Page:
Print Fact SheetAptinothrips rufus

Distinguishing features

Both sexes wingless. Body and legs yellow, antennal segment VI shaded with brown. Antennae 6-segmented, VI twice as long as V, III–IV each with sense cone simple. Head longer than wide, without ocelli, without long setae. Pronotum weakly trapezoidal, without long setae. Meso and metanota transverse. Prosternal basantra with no setae; ferna almost continuous medially; meso and metafurca without spinula. Tarsi each 1-segmented. Tergites with 2–20 discal setae; tergite IX posteromedian pair of setae short, about 0.2 times as long as lateral pair; tergites and sternites without craspedum; sternites with many discal setae.
Male similar to female but smaller; sternites without pore plates; tergite IX with 2 pairs of stout thorn-like setae.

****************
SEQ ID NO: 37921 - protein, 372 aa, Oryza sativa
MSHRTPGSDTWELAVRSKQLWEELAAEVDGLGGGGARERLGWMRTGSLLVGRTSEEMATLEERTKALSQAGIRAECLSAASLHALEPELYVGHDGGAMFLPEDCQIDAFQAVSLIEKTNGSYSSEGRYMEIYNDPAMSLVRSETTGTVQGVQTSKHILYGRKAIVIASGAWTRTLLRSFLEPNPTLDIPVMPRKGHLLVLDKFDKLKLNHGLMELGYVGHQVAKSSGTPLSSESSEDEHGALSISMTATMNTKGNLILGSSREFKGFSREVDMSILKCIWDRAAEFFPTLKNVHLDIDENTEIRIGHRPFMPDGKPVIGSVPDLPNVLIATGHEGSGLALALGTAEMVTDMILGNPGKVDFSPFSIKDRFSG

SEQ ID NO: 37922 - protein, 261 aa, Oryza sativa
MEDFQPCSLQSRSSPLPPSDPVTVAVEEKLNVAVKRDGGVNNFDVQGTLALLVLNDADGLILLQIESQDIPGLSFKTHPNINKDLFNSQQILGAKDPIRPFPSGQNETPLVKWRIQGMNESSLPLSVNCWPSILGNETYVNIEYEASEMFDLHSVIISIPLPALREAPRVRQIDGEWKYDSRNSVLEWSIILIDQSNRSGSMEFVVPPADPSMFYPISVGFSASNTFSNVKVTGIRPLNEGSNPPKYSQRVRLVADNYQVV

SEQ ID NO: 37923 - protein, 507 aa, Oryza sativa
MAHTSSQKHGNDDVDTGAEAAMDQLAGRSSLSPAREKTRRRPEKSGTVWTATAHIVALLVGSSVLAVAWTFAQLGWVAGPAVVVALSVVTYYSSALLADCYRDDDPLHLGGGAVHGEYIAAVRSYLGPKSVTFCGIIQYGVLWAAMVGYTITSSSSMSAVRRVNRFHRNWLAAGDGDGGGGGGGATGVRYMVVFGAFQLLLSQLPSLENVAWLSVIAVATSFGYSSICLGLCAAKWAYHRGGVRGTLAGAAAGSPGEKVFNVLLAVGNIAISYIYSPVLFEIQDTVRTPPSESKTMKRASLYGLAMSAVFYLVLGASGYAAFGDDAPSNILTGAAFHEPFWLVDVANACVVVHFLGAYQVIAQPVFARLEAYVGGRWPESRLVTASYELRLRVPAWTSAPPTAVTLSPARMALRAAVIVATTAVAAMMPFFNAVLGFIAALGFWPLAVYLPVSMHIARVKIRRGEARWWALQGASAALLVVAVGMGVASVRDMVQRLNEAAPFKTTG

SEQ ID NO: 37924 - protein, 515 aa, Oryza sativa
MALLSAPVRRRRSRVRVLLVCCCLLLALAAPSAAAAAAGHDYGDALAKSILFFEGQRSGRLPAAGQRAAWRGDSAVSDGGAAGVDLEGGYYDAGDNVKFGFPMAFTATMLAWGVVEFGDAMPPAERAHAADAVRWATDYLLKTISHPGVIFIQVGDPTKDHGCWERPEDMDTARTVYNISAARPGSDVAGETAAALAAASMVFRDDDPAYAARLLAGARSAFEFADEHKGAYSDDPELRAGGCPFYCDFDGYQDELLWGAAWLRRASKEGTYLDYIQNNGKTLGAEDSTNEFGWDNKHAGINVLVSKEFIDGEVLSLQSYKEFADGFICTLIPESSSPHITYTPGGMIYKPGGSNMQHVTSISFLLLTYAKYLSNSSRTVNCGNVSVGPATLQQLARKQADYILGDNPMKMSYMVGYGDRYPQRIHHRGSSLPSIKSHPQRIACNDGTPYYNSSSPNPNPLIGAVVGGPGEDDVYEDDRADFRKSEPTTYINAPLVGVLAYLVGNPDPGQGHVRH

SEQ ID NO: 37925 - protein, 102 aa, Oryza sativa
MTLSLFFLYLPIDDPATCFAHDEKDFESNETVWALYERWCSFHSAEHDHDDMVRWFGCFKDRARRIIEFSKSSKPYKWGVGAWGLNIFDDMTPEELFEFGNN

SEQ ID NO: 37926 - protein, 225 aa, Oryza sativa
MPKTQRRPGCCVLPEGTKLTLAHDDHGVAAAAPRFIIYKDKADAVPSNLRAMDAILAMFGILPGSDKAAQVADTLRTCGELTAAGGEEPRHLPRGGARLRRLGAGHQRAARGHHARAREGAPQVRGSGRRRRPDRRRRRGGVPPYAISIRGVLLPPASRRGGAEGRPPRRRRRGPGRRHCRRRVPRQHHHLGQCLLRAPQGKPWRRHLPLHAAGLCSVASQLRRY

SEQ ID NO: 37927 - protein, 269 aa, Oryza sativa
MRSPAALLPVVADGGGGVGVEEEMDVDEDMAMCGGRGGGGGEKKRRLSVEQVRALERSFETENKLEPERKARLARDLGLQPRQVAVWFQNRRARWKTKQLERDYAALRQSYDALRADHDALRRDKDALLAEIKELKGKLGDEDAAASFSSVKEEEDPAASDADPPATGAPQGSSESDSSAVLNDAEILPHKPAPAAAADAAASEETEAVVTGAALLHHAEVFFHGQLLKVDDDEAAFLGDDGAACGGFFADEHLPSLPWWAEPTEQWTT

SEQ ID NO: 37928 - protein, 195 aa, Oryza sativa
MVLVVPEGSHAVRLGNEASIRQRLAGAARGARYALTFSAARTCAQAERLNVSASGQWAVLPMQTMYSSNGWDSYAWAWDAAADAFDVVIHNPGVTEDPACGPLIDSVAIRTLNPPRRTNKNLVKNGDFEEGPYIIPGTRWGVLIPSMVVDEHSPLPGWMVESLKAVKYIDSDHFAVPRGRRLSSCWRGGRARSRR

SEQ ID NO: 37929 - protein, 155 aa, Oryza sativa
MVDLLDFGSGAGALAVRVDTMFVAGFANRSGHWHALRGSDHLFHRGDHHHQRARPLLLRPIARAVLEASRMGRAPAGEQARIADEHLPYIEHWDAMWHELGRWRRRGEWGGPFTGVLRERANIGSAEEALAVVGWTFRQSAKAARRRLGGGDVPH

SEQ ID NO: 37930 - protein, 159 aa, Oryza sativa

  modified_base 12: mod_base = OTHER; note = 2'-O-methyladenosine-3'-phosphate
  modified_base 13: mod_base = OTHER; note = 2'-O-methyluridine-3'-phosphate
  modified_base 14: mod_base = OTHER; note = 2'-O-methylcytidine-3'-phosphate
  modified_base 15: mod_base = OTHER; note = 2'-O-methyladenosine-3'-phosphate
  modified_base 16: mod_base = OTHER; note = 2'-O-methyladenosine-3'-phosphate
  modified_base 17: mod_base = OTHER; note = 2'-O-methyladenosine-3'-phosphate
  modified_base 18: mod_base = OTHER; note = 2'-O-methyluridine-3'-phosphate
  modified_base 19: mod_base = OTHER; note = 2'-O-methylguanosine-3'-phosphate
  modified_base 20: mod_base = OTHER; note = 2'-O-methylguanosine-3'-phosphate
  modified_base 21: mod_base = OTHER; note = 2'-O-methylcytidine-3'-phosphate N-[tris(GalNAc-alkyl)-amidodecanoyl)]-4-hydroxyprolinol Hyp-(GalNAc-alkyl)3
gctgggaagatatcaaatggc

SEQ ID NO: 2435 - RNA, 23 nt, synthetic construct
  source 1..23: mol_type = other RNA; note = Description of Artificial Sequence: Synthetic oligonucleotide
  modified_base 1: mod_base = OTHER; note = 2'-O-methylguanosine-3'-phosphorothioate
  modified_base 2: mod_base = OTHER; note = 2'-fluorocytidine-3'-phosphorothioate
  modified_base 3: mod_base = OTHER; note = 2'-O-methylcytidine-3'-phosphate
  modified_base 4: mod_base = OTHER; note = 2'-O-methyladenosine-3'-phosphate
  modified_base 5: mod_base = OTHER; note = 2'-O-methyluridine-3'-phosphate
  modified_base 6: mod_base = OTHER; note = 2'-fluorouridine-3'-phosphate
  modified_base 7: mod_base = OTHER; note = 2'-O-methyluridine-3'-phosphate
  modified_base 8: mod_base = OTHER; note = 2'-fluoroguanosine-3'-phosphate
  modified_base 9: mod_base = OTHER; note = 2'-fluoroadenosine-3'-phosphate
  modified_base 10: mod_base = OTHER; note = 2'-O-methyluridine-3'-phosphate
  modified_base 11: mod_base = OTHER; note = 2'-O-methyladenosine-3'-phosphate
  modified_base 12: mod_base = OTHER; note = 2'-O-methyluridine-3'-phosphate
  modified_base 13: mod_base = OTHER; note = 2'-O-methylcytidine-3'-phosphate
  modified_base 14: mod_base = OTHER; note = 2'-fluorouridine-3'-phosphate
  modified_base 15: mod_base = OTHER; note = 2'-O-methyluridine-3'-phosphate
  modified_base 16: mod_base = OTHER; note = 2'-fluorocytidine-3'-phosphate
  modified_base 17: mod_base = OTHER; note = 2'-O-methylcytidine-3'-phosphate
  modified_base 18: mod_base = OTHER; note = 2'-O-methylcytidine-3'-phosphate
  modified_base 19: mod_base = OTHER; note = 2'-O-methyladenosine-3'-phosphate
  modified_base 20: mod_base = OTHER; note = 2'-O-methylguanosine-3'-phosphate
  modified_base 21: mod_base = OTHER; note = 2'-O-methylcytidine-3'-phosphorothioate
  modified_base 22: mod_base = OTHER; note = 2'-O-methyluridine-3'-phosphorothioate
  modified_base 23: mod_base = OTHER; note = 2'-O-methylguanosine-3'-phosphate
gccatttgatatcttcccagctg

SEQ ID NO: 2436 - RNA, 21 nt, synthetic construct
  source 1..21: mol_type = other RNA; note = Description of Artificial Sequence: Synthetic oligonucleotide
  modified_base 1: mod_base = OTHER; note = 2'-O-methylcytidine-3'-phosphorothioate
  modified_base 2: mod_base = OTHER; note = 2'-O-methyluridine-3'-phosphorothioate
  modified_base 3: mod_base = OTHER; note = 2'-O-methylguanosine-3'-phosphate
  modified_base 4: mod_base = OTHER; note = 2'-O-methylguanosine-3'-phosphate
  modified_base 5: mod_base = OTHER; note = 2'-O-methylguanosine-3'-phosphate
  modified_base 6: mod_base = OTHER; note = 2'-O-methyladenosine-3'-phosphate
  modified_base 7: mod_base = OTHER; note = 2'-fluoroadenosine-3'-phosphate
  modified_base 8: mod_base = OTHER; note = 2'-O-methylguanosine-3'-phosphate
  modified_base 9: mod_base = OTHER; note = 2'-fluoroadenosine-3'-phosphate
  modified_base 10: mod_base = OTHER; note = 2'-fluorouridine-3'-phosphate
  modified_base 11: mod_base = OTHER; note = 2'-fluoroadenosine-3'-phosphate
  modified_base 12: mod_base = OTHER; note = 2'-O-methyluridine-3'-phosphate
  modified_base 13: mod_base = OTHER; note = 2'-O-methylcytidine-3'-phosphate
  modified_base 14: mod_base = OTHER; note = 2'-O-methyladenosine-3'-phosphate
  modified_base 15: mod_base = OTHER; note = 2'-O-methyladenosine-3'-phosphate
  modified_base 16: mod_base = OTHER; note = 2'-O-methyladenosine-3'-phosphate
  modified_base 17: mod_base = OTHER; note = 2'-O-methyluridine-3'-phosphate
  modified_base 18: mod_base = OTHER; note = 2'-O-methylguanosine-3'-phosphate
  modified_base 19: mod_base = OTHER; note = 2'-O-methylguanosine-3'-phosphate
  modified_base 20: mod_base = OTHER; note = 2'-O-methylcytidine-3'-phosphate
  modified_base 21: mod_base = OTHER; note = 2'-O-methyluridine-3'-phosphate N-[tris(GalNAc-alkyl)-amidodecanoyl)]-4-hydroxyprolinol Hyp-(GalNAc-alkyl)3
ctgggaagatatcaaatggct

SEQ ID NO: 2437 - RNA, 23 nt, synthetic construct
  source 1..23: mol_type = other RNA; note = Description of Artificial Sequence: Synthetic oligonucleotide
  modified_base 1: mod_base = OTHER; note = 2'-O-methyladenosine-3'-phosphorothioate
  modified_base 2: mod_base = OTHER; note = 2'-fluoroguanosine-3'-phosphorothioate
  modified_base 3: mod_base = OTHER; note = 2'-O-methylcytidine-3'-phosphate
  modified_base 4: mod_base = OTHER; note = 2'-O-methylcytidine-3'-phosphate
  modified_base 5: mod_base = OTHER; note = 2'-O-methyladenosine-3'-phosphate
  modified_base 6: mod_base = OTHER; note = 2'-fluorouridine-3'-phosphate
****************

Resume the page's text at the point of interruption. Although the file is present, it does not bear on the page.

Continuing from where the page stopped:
Related species

Four species of Aptinothrips are recognised, and A. rufus has distinctive 6-segmented antennae.

Biological data

Feeding and breeding on the leaves of grasses (Poaceae), and in New Zealand mainly on introduced European grasses.

Distribution data

Originally from Europe but widespread in New Zealand, this is one of the most common and widespread thrips in temperate areas throughout the world, including montane areas of tropical countries.

Family name


Species name

Aptinothrips rufus (Haliday)

Original name and synonyms

Thrips (Aptinothrips) rufus Haliday, 1836: 445
Thrips (Aptinothrips) nitidulus Haliday, 1836: 446
Aptinothrips rufa connaticornis Uzel, 1895: 153
Uzelliella lubbocki Bagnall, 1908: 5
Aptinothrips intermedius Priesner, 1920: 52
Aptinothrips groenlandica Richter, 1928: 850


Mound LA & Walker AK (1982) Terebrantia (Insecta: Thysanoptera). Fauna of New Zealand 1: 1–113. 

Palmer JM (1975) The grass-living genus Aptinothrips Haliday (Thysanoptera: Thripidae). Journal of Entomology (B) 44 (2): 175–188.